A survey released on Tuesday showed that every single country across the globe did not meet the World Health Organization’s 2021 Air Quality Standards.
The guideline set by WHO recommends that the annual reading of small and hazardous airborne particulate matter known as PM2.5 should not be more than 5 micrograms per cubic meter.
The guidelines were released in September 2021 and cut existing annual PM2.5 guideline values from 10 micrograms per cubic meter to 5 micrograms per cubic meter.
The survey compiled by IQAir, a Swiss pollution technology company that monitors air quality standards found that out of 6,475 cities studied in the survey, only 3.4% percent of them met average air quality standards.
According to Christi Schroeder, air quality science manager with IQAir, “there are a lot of countries making big strides in air pollution reduction while there are also places in the world where it is getting significantly worse”.
The survey names the top five most polluted countries in 2021 as Bangladesh, Chad, Pakistan, Tajikistan and India.
It also found that air quality in China continued to improve in 2021. More than half of the cities in China included in the report saw lower levels of air pollution when compared to the previous year. Pollution levels within the capital city of Beijing continued a five-year trend of improved air quality, driven by emission control and reduction of coal power plant activity and other high emission industries.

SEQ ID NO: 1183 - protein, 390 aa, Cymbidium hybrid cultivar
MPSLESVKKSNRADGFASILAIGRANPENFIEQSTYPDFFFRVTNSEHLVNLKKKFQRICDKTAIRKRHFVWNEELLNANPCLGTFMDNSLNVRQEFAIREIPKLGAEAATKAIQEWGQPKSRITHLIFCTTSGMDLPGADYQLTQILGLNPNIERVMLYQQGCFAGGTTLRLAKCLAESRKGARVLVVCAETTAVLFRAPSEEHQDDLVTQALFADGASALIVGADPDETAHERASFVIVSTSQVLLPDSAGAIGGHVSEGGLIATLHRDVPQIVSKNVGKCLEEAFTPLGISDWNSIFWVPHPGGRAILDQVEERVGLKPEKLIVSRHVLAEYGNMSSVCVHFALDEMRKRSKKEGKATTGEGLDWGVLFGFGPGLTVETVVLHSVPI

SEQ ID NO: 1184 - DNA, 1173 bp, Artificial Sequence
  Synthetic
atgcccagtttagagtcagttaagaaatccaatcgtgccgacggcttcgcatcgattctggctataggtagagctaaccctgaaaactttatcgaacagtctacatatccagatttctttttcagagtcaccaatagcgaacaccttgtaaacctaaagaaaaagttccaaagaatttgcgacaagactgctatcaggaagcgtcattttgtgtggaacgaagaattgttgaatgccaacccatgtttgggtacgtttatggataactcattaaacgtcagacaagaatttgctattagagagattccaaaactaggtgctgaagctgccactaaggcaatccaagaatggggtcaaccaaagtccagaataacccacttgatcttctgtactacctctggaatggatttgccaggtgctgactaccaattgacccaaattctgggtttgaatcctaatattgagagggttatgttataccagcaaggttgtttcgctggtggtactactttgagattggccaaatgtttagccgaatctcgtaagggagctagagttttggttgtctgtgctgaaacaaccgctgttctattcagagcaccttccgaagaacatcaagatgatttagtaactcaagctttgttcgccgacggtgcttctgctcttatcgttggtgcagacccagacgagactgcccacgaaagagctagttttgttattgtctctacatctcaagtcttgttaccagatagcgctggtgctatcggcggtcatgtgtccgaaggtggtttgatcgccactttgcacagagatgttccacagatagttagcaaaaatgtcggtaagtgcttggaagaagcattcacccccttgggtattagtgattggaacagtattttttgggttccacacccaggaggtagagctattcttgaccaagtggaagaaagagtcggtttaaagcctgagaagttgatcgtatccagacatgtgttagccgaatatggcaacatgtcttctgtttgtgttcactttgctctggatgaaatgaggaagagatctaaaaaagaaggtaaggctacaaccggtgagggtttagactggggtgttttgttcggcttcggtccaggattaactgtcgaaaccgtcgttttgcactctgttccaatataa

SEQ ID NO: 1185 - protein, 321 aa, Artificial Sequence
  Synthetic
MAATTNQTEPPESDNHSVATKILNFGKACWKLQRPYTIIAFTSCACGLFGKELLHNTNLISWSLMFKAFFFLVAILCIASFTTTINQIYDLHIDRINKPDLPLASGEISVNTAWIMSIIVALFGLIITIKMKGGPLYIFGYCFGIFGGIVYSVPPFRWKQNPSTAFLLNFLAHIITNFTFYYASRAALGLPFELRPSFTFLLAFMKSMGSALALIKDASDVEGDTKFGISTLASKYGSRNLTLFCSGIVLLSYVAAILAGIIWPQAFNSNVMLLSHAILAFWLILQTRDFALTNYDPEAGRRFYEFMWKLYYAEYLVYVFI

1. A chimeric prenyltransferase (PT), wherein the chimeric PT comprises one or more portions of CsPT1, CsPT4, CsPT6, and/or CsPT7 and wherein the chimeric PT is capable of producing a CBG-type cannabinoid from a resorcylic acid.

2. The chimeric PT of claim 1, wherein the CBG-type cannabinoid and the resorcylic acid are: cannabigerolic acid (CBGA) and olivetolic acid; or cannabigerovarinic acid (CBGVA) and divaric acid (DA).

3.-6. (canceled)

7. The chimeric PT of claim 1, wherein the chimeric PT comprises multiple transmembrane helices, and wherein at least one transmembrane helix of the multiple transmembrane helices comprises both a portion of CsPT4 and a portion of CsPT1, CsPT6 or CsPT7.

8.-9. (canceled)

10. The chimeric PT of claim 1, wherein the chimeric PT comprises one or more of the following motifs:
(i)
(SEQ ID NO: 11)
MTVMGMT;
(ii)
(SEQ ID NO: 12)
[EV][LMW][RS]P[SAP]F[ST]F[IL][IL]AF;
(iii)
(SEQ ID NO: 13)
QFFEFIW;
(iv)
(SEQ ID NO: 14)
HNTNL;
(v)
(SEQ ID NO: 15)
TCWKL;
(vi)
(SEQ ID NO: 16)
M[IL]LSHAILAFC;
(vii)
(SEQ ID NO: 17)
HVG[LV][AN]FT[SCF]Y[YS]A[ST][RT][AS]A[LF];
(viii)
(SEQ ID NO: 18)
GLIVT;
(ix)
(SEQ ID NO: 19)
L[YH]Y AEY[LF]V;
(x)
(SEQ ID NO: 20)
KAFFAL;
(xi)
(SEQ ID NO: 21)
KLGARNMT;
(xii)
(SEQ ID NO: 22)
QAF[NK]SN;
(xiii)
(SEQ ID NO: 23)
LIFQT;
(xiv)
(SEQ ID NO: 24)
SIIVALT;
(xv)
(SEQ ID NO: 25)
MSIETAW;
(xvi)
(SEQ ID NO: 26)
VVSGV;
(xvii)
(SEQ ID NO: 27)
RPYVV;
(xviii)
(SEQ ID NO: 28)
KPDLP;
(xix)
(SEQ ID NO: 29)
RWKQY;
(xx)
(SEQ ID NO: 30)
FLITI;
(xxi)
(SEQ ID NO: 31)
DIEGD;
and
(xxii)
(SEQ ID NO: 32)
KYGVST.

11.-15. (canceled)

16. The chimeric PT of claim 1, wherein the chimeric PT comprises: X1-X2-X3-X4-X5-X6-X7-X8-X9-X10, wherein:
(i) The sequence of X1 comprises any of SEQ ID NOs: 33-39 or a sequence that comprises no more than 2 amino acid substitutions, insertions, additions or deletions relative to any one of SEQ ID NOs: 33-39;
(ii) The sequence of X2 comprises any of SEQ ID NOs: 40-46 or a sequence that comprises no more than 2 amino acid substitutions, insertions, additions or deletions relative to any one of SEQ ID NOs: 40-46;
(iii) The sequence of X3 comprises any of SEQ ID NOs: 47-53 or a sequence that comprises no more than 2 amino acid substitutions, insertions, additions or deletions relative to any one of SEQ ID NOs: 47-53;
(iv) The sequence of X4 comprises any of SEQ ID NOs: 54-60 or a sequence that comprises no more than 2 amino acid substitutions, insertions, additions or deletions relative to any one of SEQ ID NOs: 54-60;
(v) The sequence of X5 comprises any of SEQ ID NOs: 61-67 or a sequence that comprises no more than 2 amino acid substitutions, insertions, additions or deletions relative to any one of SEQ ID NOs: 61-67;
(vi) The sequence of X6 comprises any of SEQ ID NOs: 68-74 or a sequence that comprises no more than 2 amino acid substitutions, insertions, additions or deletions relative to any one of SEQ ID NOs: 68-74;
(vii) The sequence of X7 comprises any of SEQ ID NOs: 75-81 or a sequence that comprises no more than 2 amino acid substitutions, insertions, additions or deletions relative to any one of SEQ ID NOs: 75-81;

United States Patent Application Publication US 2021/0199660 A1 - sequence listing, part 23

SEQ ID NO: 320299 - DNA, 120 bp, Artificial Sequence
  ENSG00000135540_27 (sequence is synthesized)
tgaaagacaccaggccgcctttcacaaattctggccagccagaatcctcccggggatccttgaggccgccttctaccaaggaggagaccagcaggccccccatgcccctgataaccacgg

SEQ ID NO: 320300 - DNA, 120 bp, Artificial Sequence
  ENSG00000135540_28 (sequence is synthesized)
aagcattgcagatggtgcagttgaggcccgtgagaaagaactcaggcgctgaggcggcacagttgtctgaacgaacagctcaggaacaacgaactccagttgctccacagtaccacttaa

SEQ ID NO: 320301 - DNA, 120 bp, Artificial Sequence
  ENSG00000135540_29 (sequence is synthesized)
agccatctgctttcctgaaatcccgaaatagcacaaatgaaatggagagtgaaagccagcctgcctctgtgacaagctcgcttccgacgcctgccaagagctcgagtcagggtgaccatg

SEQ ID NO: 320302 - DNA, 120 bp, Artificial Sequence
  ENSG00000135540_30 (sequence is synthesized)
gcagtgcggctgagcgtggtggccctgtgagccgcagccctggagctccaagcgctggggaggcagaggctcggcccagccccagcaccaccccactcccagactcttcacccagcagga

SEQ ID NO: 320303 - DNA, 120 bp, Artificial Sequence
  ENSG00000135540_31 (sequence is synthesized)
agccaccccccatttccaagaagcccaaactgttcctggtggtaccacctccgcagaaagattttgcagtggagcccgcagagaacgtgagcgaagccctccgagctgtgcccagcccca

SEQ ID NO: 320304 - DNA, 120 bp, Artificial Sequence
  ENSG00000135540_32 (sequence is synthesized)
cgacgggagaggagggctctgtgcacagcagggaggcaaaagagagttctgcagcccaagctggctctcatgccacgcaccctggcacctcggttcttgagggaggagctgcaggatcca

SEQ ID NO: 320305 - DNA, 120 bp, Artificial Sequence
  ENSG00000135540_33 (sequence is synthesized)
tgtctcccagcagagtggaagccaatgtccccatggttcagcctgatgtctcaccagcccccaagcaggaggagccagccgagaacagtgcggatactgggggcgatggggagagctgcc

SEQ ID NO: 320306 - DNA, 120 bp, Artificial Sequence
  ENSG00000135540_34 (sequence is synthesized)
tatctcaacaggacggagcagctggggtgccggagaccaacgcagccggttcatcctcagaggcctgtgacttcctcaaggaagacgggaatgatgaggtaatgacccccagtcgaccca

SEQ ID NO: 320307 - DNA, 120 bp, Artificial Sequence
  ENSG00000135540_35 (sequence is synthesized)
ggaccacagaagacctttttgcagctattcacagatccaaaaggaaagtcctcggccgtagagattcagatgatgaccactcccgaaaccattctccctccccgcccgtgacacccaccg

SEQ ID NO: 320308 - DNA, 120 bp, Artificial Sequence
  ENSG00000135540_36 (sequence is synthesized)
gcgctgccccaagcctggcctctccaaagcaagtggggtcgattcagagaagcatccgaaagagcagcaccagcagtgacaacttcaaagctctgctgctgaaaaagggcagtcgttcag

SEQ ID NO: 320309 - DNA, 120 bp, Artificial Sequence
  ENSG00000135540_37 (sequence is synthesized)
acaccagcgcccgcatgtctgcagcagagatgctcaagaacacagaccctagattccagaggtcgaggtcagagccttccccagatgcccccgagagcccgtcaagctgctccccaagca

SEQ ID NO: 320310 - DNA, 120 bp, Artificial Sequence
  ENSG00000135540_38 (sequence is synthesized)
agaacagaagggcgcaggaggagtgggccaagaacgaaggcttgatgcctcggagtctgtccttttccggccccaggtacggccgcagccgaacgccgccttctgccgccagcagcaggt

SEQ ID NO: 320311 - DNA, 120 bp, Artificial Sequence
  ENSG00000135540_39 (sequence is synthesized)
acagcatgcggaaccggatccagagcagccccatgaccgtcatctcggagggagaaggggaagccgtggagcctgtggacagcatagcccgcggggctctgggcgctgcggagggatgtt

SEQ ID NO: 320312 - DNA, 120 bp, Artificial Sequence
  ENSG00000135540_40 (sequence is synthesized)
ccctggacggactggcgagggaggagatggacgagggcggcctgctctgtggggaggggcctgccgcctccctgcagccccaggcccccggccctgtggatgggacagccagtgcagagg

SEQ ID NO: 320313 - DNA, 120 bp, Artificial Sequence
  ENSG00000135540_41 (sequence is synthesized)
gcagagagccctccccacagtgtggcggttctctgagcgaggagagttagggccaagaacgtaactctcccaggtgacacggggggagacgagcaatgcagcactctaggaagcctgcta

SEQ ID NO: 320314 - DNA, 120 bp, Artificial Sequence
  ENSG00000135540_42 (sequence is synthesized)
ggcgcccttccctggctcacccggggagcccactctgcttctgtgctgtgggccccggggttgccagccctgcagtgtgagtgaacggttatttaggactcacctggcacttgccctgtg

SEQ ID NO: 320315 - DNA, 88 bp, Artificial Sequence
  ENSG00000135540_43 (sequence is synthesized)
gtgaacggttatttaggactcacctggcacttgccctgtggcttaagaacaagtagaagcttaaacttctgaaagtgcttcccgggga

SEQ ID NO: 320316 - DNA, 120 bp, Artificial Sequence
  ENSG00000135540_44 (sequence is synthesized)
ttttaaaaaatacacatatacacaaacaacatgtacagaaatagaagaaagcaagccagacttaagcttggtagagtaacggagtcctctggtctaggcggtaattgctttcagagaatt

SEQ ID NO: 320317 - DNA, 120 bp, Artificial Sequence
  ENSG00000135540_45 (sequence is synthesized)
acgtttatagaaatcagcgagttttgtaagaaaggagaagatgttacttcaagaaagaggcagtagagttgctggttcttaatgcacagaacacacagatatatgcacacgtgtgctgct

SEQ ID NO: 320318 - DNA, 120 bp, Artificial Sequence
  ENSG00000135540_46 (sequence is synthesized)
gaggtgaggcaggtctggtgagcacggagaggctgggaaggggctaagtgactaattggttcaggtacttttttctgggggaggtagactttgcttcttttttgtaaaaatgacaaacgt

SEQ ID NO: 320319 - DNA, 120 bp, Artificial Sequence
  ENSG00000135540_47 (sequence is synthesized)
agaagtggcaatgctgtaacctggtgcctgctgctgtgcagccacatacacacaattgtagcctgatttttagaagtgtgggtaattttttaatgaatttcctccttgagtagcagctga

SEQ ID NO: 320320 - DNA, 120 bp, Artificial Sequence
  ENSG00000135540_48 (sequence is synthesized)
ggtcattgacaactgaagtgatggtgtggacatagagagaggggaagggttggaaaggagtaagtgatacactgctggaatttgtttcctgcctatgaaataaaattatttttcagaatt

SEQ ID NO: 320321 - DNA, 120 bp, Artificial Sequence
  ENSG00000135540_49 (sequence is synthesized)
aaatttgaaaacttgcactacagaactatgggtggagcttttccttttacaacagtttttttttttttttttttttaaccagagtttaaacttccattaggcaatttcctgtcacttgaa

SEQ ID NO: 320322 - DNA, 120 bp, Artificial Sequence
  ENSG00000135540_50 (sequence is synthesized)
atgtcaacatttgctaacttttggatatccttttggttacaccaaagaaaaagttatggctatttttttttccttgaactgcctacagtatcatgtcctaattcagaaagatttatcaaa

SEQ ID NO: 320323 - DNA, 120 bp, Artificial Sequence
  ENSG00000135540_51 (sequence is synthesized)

Some areas that came closest to meeting WHO guidelines are the United States, Canada and northern Europe.
The survey blames the poor air quality on the increasing severity of wildfires, as well as fossil fuel combustion and vehicle emissions.
The Dangers of Air Pollution
According to the WHO, exposure to air pollution is estimated to cause 7 million premature deaths annually.
When air quality is under the WHO guidelines, the small particulate matter in the air are capable of penetrating deep into the lungs and bloodstream, primarily resulting in cardiovascular and respiratory impacts, and also affecting other organs.
The 2021 update of the WHO air quality guidelines is in response to the continued threat of air pollution to public health.
WHO updates the Air Quality Guidelines on a regular basis so as to assure their continued relevance and to support a broad range of policy options for air-quality management in various parts of the world while also taking into account new health studies that are published erstwhile.